That was how it started, but I quickly noticed as I began to attempt interaction with the Wiccan Goddess and God that it was more distinct beings I was brushing against. The same was true for others (at the time other teens my own age) I was working with at the time, they reached for the Goddess and got just the Morrigan or Ishtar. They’d reach for the God and get Kernunous or Apollo. There was no fuss over “but it says in the book that they’re all one” or anything of the sort, we just sort of fell into the understanding of each of these beings as distinct and separate and accepted it as natural, and never really felt we were in conflict with those who saw all of Them as one. Nor did we ever feel discouraged from this view by anyone older and more experienced in the Neo-Pagan community we interacted with.

I myself reached for the Goddess and got… someone who wouldn’t name Herself. Eventually I settled on a few names for Her based on my sense of Her (including the sense that Whom I was interacting with was Female). The Lady of Mists, Lady of Mysteries, and the Lady Who Lives in Moonlight being those that I can still recall. This Being during the time in which we interacted led me along in several very subtle ways, drawing my attention to different people and things in a process through which I made a great deal of progress opening myself up to the world around me and reversing the closed rejecting nature I had built for myself when I bitterly left the Church.

It was during this time that I was struggling with something that it was frequently suggested I ought to learn based on my odd knack for occasionally being uncannily good at guessing games: Divination. I tried Tarot at first, but nothing through that clicked. Then someone suggested I try working with Runes. Those spoke to me, not always in a manner useful for divination, but there was something about sitting down and making a set or three (I made enough that random friends have had to remind me that their runes are of my creation), and while making each rune tile studying what the meaning behind that symbol was, again and again. That got me thinking more and more on the one who first found the Runes, Odin. His wanderlust and more so His constant struggle to guide events away from Ragnarok echoed several of my own tendencies and desires. Those and several other similarities to my own life and being began to strike a chord with me, and I began to think of Him more often.

I didn’t reach out to Him immediately, there was an awkwardness there of where to begin. Things continued to build along that path over several years, most notably at one point when I was in a very dark place and an abusive relationship when I wandered into a small copse of woods behind the apartment I was then living in. It was daylight when I set out and by most of my recollection, the next moment when I fully felt in control of myself again it was dark, my hands were raw with several of the finger tips worn smooth from the work I had been doing, and I held in my hands a small oak staff covered in rune symbols and other designs. I’ve since lost that staff and begun a new one (with new purpose, as my health has recently taken a turn that has made a cane necessary to minimize pain while moving about), but for several years that staff, Garnak I called him, was my near constant companion and comfort. By my remembrance, that was the first time the Old Man laid a hand on me in such an overt fashion. It was also the point at which the earlier female Being that I mentioned ceased contact, as if Her role was to lead me to the Old Man all along.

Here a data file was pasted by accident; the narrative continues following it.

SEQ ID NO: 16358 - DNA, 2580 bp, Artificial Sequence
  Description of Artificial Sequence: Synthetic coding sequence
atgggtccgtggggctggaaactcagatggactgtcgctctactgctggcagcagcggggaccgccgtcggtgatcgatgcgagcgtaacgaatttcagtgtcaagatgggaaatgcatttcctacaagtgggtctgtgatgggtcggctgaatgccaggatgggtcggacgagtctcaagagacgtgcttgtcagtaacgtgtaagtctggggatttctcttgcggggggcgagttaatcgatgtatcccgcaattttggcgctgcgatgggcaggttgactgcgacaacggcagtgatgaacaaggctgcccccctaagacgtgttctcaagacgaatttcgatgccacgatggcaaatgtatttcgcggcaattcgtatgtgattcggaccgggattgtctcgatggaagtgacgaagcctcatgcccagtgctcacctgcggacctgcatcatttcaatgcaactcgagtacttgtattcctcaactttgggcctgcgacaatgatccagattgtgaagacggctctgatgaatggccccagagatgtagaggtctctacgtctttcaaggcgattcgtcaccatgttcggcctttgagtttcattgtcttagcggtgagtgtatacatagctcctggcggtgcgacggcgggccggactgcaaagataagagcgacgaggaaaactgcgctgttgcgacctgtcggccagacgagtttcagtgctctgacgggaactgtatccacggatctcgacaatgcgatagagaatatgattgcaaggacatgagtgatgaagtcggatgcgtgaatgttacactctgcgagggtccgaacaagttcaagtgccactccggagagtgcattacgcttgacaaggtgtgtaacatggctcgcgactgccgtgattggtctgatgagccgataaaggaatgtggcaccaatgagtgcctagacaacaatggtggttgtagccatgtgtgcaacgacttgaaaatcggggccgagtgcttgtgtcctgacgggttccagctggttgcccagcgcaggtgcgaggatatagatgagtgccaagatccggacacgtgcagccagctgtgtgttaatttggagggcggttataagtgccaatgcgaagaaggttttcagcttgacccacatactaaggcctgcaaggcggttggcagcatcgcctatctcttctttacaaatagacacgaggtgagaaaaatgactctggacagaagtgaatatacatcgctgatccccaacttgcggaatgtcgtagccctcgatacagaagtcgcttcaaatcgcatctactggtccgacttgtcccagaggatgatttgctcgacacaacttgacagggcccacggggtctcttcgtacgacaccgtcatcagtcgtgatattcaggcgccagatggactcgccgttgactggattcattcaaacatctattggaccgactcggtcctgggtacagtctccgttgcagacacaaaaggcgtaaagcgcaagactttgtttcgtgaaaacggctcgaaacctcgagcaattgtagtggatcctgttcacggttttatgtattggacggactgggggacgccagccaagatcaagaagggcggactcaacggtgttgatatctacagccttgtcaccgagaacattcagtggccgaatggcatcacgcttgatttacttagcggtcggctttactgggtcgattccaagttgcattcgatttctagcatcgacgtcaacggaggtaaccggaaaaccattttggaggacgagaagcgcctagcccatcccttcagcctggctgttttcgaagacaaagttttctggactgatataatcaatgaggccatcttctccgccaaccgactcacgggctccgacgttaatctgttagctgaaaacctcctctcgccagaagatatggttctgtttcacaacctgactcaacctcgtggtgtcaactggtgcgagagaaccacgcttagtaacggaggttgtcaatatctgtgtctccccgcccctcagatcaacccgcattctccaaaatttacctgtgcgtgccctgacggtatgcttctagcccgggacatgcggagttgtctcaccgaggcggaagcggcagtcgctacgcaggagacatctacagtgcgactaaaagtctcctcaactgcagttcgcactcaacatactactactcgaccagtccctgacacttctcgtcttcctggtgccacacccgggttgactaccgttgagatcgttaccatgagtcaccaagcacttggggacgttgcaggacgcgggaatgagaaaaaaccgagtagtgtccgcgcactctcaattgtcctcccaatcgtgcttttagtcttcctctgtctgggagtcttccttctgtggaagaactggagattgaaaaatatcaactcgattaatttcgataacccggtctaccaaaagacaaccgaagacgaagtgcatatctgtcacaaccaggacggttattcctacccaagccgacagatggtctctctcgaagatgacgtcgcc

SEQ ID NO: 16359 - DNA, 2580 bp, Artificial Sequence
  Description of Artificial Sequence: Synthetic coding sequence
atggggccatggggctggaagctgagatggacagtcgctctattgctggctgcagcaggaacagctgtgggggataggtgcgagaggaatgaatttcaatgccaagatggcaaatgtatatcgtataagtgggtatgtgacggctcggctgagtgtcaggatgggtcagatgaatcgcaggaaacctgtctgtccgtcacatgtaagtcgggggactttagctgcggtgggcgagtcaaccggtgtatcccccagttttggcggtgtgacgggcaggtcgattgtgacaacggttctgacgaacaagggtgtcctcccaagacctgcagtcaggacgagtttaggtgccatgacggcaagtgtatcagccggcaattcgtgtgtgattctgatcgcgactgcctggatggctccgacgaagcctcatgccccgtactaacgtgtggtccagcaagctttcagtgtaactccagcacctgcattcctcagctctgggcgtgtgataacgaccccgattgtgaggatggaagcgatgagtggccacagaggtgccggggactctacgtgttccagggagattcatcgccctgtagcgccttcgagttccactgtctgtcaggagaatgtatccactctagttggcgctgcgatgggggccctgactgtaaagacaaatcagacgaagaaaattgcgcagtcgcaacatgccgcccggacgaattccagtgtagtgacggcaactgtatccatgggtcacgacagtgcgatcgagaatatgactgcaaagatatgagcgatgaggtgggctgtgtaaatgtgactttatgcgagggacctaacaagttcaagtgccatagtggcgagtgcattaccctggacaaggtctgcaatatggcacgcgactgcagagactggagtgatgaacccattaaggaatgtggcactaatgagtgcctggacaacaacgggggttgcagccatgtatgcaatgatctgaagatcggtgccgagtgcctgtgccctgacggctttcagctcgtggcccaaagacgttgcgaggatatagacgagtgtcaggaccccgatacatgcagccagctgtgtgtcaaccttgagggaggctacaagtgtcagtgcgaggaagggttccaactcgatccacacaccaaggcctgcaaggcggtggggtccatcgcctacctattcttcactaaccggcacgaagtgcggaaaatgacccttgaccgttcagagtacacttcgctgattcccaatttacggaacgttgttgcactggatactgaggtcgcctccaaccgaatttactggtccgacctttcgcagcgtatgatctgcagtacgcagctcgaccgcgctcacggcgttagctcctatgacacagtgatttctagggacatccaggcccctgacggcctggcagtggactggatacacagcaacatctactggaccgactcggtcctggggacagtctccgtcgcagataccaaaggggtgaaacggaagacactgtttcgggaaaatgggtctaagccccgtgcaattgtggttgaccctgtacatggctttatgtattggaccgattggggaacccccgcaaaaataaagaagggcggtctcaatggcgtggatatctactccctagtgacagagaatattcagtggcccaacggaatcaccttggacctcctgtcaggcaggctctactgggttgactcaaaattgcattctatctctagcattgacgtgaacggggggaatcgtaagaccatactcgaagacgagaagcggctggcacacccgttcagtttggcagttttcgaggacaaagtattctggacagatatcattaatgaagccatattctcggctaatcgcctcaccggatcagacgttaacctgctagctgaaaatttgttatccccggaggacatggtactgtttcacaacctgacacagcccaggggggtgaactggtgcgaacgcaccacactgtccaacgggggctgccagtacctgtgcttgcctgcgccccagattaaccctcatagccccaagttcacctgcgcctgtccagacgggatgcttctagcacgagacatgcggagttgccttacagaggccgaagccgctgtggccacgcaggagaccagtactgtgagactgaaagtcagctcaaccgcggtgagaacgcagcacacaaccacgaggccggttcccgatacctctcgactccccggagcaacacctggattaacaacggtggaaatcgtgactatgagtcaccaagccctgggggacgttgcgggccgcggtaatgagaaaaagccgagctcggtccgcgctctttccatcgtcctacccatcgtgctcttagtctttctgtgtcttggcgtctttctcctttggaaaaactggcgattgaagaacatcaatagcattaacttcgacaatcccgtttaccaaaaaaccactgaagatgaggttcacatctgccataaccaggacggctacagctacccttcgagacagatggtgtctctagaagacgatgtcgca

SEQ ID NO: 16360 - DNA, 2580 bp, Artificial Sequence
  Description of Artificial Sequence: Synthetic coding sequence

There were a number of other events and paths that looking back, seemed to be necessary to build my understanding of Him and provide me with the resources I would need to follow His path. The first, came from an interest in Dominant/submissive relationships that at first was purely sexual but developed into a philosophical pursuit, and then a spiritual one. For a time I even experimented with a relationship as a submissive to a much older gentlemen which was barely sexual and much more that of a Master and servant and at times as a Master and apprentice. This later provided me with a framework to approach Odin and allowed me to not feel as though submission before another was the same as the teachings that had left such a poor impression from my time with the Church.

It was through forums for discussing M/s relationships that I first heard of Raven Kaldera, who’s name led me to other authors and ideas, and my first real awareness of another form of Paganism. One where the Gods were thought of exclusively as individuals, where the ideas of submission before and worship of the Gods was being revitalized in a positive light and there was not the over stress on magical practice which I had begun to feel was a bit much (I still include magic as part of my spiritual practice, I just feel as though during my time in more Neo-Pagan/Wiccan circles it received a bit too much focus). Up till this point… around… 2007? I was unable to find any mention of such a movement. The easily accessible books on modern movements in various book stores did not (and for the most, still do not) include much on the topic. I had heard of Asatru and was somewhat curious, but after learning of the racist tendencies of several of the largest organizations and seeing that same sensibility reflected in local unaffiliated groups I had despaired of ever meeting someone positive within a similar practice. It was only through this chance mention of Raven Kaldera on a forum about a seemingly unrelated topic that I was ever introduced to this world at all.